Modern terrestrial communications (i.e., mobile, wireless, and fixed communications) and satellite communications require a range of components for transmitting,  amplifying, switching, filtering, stopping and converting electrical, radio and optical signals. Often these components are made from ceramics and glass.

Ceramics and glass are used in the communications sector for their tunable dielectric constant, low dielectric loss, low temperature coefficient of capacitance, low coefficient of thermal expansion, high impact resistance, and high durability. Satellite communications benefit from the high wear and corrosion resistance properties of ceramics for creating electronic devices that need to withstand extreme heat and harsh environments.

Products based on these materials include primarily circuit devices, passive components, and optical filters. Circuit devices consist of high and low temperature co-fired ceramics, printed substrates, and optoelectronic integrated circuits.

Low-temperature co-fired ceramics (LTCCs) are among the most popular devices. They are made from glass-ceramics or glass plus ceramic, and sintered at low temperature (1000°C or below) with a single-firing process. LTCCs have a multilayer construction with low-melting point silver, copper, or gold metallization. The integrated module contains components such as inductors, resistors and capacitors. LTCCs are designed in the configuration of baluns, antennas, couplers, diplexers, switches, band pass filters, and low pass filters.

Electronic circuits used in communications comprise passive components, such as single and multilayer ceramic capacitors, resistors, varistors, and inductors. Other components are ceramic-to-metal seal packages, multi-chip modules, feedthroughs, semiconductor packaging, heat sinks, and thin film substrates.

Ceramics and glass are also being applied in optical wireless communications, a method of communication where information is transmitted using light, rather than electrical signals or radio waves. Optical wireless communications require various components to convert signals to light, transmit the light, and convert it back to an electrical signal. For example, of these components, glass and glass ceramics are promising materials for building optical amplifiers.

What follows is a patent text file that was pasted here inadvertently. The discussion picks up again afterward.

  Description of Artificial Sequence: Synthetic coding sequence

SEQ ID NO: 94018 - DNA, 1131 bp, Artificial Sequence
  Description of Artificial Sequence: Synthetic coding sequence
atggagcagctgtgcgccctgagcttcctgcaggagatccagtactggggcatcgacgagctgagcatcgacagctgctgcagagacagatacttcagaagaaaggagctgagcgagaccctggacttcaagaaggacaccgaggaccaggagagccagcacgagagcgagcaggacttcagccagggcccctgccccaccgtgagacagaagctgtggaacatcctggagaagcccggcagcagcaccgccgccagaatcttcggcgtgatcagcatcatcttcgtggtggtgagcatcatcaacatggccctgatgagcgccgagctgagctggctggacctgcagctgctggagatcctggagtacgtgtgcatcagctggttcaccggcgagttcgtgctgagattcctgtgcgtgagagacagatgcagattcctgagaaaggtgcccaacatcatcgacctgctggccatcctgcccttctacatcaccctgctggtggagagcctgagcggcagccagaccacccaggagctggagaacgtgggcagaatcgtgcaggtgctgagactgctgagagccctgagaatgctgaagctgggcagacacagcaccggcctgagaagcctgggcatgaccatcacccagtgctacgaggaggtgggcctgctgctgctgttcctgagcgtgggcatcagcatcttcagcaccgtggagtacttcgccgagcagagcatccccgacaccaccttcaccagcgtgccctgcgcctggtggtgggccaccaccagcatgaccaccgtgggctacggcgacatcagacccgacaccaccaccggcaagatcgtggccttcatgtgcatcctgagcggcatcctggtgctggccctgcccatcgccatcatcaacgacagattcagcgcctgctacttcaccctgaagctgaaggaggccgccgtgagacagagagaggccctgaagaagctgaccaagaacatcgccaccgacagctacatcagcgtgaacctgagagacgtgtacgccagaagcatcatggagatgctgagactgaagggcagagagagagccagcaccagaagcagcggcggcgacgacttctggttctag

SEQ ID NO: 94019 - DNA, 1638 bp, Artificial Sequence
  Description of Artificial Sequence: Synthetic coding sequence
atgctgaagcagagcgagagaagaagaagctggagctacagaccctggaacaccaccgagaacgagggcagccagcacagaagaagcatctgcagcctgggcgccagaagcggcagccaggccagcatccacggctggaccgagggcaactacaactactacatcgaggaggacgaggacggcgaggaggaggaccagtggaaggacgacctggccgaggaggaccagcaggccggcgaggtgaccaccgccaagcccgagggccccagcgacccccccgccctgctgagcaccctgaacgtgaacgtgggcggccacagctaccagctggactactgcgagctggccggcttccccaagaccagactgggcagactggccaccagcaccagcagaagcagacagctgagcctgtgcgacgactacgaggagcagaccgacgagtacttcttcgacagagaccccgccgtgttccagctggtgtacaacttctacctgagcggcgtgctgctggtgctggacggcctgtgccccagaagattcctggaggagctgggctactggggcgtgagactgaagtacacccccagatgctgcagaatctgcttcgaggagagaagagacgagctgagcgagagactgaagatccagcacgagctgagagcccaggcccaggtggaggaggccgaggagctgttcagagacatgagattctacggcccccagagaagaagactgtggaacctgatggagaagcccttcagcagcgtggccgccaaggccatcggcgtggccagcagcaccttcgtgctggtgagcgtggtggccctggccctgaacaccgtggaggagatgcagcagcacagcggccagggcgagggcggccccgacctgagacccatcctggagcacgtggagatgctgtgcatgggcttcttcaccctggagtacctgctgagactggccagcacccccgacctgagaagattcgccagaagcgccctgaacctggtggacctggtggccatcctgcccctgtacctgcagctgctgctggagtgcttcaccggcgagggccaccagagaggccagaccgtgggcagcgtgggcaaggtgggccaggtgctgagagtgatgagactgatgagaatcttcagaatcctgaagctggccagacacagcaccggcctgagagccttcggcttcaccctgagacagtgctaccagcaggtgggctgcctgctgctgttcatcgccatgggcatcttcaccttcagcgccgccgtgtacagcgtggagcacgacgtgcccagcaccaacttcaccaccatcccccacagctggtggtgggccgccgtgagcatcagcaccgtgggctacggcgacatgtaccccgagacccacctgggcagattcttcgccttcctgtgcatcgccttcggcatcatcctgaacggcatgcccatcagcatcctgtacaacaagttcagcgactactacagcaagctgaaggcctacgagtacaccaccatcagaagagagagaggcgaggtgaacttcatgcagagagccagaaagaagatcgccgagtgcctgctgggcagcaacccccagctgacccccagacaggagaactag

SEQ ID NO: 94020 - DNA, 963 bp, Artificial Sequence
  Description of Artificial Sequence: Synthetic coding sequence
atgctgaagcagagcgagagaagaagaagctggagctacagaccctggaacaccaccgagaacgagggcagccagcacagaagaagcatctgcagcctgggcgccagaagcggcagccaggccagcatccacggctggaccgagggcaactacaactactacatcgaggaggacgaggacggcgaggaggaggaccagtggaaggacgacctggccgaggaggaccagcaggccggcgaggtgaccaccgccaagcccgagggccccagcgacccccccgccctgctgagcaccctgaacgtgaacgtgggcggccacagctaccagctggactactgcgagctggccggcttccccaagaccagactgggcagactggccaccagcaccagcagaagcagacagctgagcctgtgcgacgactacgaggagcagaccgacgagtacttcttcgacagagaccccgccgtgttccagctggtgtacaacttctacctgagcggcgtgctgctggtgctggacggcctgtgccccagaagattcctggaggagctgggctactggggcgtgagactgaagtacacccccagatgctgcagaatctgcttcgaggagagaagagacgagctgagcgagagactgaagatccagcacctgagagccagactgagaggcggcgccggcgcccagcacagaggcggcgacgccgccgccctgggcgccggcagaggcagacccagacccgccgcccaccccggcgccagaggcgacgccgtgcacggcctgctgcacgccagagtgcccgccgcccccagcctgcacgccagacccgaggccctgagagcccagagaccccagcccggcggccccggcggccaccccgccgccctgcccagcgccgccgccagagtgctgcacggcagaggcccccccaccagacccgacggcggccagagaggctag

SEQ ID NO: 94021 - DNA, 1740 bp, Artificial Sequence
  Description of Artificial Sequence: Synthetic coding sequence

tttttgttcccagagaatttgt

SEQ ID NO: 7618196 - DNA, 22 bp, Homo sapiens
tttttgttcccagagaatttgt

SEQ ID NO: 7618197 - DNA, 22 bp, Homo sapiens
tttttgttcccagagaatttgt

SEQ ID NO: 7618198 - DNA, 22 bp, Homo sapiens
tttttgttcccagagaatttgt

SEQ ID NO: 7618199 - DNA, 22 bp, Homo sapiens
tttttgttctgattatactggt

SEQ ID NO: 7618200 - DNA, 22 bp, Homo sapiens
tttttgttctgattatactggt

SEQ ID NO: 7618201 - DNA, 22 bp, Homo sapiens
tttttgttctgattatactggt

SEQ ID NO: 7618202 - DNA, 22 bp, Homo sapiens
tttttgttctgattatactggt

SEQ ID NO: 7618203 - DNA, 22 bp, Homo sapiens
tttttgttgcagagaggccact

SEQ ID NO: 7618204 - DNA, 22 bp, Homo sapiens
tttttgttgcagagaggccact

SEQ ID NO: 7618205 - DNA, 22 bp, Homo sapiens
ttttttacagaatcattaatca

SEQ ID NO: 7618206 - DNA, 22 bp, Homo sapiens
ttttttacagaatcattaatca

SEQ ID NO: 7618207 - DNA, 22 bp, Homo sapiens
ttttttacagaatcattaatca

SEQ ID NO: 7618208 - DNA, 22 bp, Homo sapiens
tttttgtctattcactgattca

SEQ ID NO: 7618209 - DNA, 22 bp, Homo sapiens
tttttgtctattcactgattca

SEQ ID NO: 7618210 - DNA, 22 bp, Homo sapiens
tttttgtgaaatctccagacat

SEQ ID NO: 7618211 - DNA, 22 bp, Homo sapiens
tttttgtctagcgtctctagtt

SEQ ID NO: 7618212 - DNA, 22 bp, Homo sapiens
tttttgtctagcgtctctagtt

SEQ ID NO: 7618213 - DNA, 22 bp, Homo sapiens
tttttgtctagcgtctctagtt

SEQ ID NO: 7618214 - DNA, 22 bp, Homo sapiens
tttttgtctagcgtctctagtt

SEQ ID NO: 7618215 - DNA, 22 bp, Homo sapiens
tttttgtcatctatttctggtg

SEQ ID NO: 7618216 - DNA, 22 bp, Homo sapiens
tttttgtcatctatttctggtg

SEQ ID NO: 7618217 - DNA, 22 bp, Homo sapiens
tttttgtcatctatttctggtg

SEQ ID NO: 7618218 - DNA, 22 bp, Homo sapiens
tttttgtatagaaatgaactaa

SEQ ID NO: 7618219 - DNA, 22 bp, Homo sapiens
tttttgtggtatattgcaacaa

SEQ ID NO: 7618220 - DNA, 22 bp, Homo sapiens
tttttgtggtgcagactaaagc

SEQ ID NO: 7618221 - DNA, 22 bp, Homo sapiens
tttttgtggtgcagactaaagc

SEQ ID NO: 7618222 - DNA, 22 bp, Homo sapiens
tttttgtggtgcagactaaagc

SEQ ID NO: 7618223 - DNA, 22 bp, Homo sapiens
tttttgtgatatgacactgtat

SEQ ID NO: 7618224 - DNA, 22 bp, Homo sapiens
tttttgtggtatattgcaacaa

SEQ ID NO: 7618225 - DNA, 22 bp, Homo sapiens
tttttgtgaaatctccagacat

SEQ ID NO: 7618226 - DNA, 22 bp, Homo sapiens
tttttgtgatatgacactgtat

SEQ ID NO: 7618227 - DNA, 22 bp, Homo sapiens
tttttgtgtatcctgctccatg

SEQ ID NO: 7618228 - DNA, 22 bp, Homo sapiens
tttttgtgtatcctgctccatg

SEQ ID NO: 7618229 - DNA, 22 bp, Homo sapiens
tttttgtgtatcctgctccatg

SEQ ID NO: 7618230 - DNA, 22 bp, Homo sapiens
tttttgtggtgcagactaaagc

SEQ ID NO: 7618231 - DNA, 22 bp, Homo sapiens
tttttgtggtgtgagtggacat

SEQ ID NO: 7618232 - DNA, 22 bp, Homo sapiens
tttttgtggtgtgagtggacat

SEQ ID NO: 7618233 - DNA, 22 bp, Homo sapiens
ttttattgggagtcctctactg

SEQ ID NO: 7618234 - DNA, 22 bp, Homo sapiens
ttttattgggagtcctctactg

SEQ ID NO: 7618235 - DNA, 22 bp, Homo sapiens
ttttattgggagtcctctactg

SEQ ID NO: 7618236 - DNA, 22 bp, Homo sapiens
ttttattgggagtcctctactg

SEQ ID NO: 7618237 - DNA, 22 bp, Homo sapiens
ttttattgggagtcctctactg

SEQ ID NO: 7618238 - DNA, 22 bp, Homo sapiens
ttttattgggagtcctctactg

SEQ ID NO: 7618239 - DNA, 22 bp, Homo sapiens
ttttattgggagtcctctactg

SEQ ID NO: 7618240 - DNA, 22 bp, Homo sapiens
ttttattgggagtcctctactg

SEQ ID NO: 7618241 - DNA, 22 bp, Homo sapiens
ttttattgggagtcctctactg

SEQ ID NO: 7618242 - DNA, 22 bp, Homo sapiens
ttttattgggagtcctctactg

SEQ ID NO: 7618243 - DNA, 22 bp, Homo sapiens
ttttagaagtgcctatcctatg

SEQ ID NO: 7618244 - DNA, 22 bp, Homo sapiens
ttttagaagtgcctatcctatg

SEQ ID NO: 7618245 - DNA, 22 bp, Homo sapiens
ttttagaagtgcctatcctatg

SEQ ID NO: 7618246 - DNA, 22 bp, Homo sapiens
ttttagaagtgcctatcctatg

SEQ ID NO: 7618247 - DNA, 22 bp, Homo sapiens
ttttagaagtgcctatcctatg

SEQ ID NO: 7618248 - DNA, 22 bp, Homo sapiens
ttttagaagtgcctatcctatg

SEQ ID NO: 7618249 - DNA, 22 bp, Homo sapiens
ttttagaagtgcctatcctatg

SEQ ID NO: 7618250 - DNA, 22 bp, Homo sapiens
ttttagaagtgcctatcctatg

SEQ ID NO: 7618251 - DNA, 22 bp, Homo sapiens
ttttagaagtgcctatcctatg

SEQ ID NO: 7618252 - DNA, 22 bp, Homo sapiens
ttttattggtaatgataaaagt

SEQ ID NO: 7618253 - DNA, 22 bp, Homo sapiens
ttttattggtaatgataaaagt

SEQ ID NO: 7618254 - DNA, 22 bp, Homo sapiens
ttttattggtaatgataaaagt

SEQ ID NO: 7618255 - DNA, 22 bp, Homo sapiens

Ceramic films are also integrated into semiconductor devices to form optoelectronic integrated circuits (OICs), which contain both photonic and electronic components, and photonic integrated circuit (PICs), which contain only photonic devices.

In recent years, transparent ceramics have been introduced to manufacture optical waveguides for broadband applications and laser communication windows. Alumina and zirconia ceramics find application as insulating materials, sleeves, connector components, submounts, packaging materials, radio-frequency absorber lids, and optical isolators for optical fibers.

Satellite communications utilize dielectric materials formulated for microwave applications in the form of resonators, filters and oscillators. Piezoelectric ceramics are also common for functions such as vibration control and positioning control, and to improve signal quality.

In the communications sector, glass is used for production of optical fibers for high-speed communications; glass substrates, ball lenses, aspheric lenses and other items for optical communication devices; smart contact lenses for medical wireless connectivity; and displays for mobile devices for wireless communications, such as smartphones.

The main applications of ceramics and glass in communications are illustrated in the table below.

Main applications of ceramics and glass in communications

Electronic circuits Low- and high-temperature co-fired ceramics1
Passive components
(for example, resistors)
Modules, printed substrates, and packages3
Optical wireless communicationsOptical components
Components for fiber optics

(Image courtesy Kyocera, semiconductor components division)
Satellite communicationsResonators5
Piezoelectric components6
High-speed communicationsOptical fibers7
Optical wireless communicationsLenses8
Wireless communicationsDisplays9

Image credits: 1. Konstantin Lanzet, Wikimedia; 2. Pixabay; 3.  w2aew, YouTube; 4. Kyocera; 5. Mora0004, Wikimedia; 6. ydaultrasonic, YouTube; 7. Pixabay; 8. Edmund Optics, YouTube; 9. CNET, YouTube

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